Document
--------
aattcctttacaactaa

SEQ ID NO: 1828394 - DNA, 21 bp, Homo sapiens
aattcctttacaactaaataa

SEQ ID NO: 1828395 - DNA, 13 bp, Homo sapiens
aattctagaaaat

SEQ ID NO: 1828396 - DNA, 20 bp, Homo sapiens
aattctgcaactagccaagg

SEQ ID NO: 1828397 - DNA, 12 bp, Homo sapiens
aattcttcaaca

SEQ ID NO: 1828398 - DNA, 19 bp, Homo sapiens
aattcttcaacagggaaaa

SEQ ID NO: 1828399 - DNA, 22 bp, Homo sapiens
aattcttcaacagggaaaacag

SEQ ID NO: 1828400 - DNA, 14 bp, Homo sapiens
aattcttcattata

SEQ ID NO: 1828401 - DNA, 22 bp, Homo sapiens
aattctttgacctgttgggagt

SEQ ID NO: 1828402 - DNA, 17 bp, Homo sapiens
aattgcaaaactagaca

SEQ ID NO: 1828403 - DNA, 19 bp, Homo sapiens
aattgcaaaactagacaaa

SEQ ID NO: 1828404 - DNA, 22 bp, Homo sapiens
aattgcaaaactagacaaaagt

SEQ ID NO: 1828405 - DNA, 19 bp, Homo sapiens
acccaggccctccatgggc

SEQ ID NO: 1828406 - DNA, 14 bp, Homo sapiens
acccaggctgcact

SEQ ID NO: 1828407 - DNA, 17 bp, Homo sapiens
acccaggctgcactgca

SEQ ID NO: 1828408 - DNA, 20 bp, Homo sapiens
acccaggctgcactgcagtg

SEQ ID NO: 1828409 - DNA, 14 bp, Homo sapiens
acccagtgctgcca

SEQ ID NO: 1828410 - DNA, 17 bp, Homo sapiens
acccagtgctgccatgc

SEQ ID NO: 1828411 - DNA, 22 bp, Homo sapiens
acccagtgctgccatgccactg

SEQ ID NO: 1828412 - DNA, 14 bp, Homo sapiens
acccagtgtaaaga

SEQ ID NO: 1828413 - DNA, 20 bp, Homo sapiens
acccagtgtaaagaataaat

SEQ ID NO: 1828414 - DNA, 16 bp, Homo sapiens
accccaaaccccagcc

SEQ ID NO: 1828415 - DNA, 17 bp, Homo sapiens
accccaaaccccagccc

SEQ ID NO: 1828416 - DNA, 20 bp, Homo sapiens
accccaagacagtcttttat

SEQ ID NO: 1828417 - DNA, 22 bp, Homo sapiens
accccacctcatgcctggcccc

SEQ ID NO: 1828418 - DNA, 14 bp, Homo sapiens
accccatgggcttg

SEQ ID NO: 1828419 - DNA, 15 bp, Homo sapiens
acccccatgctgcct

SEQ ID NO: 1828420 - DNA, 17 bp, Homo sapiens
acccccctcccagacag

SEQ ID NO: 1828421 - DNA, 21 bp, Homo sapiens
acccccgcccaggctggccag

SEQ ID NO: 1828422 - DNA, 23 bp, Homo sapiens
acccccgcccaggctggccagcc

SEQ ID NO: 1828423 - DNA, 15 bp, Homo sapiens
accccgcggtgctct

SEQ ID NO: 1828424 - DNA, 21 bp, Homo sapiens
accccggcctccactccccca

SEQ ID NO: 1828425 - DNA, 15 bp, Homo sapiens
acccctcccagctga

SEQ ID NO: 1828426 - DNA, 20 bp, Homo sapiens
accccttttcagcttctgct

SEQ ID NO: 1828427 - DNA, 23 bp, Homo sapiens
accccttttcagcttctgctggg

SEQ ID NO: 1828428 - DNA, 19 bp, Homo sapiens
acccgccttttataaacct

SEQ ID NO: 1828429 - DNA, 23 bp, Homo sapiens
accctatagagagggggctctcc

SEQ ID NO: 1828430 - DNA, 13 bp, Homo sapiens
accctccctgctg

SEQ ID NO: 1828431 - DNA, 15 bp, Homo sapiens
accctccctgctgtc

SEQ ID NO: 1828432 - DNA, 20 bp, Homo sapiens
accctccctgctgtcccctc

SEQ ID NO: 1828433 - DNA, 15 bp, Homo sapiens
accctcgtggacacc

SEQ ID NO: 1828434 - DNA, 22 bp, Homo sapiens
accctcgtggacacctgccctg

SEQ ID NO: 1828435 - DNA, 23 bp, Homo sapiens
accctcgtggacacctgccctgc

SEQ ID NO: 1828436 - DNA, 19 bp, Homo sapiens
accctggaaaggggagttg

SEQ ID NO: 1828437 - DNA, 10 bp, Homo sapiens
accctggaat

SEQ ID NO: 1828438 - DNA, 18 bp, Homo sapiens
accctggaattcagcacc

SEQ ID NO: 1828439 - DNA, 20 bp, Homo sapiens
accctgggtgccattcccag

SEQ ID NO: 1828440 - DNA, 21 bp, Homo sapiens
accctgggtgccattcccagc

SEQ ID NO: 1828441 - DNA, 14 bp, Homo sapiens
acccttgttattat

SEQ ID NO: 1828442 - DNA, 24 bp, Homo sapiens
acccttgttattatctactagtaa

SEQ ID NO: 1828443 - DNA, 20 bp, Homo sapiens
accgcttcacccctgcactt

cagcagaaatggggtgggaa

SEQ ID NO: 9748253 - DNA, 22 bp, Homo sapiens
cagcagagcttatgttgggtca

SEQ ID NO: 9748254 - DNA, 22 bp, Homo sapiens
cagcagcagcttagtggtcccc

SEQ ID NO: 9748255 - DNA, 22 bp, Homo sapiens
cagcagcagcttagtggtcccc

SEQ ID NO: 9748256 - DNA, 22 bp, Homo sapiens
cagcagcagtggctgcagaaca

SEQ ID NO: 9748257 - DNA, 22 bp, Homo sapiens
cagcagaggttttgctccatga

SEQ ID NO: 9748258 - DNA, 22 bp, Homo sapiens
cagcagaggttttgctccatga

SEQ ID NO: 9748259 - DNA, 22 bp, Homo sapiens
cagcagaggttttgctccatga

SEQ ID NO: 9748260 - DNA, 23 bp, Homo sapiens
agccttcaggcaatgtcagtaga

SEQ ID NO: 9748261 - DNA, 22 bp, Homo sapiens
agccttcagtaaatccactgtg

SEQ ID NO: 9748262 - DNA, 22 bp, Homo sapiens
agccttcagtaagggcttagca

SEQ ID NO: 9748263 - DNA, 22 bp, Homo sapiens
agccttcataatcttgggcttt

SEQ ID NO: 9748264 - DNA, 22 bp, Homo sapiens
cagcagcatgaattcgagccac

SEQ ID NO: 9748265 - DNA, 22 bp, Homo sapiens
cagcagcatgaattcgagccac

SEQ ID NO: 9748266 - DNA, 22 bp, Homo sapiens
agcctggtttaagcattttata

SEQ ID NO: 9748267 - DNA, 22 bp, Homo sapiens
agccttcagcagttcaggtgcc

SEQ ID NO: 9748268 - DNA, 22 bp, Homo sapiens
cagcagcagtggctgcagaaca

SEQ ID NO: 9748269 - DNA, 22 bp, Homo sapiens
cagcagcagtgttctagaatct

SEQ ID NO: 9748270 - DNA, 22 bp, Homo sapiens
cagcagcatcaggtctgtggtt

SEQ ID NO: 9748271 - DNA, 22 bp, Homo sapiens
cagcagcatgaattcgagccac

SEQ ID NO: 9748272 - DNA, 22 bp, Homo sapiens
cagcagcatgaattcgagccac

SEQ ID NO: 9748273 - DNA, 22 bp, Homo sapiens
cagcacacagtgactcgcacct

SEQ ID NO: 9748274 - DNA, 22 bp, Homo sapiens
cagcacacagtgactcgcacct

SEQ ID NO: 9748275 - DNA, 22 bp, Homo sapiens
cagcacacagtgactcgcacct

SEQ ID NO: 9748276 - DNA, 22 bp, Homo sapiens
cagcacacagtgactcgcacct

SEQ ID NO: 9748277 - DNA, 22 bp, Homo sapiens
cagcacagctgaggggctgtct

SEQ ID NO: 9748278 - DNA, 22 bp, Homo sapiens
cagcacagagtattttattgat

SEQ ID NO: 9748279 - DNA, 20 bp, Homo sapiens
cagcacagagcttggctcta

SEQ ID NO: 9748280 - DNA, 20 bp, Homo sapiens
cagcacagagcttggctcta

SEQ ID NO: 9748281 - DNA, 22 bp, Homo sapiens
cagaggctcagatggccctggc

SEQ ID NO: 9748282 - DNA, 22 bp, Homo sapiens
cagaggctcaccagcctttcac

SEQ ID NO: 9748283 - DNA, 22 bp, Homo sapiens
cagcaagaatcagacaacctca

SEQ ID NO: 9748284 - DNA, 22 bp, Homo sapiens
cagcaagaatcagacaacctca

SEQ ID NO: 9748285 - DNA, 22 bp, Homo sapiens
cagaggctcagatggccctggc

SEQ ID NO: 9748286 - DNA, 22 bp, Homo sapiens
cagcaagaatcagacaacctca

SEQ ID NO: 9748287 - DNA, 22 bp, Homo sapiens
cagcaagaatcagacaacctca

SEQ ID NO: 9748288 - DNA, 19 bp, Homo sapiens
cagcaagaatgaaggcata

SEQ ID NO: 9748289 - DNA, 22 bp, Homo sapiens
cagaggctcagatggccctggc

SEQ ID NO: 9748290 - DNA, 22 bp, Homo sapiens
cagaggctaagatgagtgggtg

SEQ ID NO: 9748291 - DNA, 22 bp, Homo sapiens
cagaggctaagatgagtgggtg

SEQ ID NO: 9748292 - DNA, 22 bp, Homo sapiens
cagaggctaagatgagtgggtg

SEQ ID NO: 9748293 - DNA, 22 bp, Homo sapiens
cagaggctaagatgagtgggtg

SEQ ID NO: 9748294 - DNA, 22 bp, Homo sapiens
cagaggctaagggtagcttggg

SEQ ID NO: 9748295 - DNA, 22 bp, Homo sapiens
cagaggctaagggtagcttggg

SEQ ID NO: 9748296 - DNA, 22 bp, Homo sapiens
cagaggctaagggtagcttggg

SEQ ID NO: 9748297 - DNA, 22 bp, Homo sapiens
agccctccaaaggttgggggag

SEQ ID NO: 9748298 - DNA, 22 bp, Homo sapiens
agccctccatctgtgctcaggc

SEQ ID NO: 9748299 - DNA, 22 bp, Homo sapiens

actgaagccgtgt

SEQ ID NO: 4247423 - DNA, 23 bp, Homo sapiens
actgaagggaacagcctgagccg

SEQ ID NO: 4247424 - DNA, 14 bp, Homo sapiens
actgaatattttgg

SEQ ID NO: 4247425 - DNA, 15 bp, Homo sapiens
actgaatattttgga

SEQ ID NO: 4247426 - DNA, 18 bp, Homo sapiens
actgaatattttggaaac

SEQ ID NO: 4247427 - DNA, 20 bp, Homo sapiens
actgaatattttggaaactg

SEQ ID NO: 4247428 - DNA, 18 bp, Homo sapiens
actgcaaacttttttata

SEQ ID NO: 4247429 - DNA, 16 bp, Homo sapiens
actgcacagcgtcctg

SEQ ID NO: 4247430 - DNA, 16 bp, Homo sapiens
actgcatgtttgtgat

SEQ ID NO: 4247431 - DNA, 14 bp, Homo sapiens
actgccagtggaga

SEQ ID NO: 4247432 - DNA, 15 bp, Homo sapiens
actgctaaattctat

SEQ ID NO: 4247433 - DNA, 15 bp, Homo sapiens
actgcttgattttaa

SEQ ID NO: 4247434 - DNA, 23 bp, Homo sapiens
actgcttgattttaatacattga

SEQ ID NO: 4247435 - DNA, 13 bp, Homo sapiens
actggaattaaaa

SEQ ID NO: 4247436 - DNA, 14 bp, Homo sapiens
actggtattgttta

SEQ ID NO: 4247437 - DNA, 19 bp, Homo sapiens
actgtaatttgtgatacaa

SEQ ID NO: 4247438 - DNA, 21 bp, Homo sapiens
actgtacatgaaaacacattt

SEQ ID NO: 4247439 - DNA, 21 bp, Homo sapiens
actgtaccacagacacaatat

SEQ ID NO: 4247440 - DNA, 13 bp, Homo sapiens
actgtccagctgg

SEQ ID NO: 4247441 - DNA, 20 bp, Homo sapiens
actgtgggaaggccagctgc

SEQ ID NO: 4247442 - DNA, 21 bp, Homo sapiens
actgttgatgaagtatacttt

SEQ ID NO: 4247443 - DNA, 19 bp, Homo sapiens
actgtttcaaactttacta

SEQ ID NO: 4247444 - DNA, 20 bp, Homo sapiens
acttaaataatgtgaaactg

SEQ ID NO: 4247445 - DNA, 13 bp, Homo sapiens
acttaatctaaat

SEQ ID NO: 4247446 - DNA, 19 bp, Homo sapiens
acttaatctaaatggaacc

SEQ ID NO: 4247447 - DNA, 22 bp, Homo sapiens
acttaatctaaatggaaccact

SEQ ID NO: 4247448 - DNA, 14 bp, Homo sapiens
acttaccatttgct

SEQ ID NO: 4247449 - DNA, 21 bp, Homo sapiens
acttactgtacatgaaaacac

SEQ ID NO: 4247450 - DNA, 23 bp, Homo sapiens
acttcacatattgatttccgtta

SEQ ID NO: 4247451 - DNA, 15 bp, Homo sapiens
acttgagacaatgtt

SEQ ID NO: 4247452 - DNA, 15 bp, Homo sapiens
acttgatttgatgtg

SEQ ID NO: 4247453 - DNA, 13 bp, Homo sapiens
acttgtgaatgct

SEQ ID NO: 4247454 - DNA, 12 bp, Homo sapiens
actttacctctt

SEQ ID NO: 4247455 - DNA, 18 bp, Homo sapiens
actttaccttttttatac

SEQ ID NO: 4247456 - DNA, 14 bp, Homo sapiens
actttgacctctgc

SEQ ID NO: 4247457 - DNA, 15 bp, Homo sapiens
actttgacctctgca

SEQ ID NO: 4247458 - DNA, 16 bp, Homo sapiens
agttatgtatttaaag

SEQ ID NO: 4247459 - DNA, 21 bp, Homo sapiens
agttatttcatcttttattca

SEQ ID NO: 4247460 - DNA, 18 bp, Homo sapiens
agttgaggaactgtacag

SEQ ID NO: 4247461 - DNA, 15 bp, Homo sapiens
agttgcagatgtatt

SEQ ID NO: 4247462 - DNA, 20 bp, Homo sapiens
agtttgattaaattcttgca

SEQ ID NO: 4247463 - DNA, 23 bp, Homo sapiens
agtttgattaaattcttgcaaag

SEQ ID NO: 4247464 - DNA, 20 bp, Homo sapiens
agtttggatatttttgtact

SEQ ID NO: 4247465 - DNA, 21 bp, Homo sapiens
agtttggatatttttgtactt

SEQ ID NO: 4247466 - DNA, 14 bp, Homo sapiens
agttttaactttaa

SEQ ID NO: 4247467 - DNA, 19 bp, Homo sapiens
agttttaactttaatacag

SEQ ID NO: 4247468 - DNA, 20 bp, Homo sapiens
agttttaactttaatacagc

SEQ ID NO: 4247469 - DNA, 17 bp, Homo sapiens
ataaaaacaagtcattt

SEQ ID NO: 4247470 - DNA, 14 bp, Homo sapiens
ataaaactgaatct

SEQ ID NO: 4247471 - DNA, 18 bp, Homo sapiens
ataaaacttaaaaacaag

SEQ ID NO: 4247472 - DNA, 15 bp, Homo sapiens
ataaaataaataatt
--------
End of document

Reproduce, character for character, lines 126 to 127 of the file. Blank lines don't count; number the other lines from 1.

cagcagcatgaattcgagccac

SEQ ID NO: 9748265 - DNA, 22 bp, Homo sapiens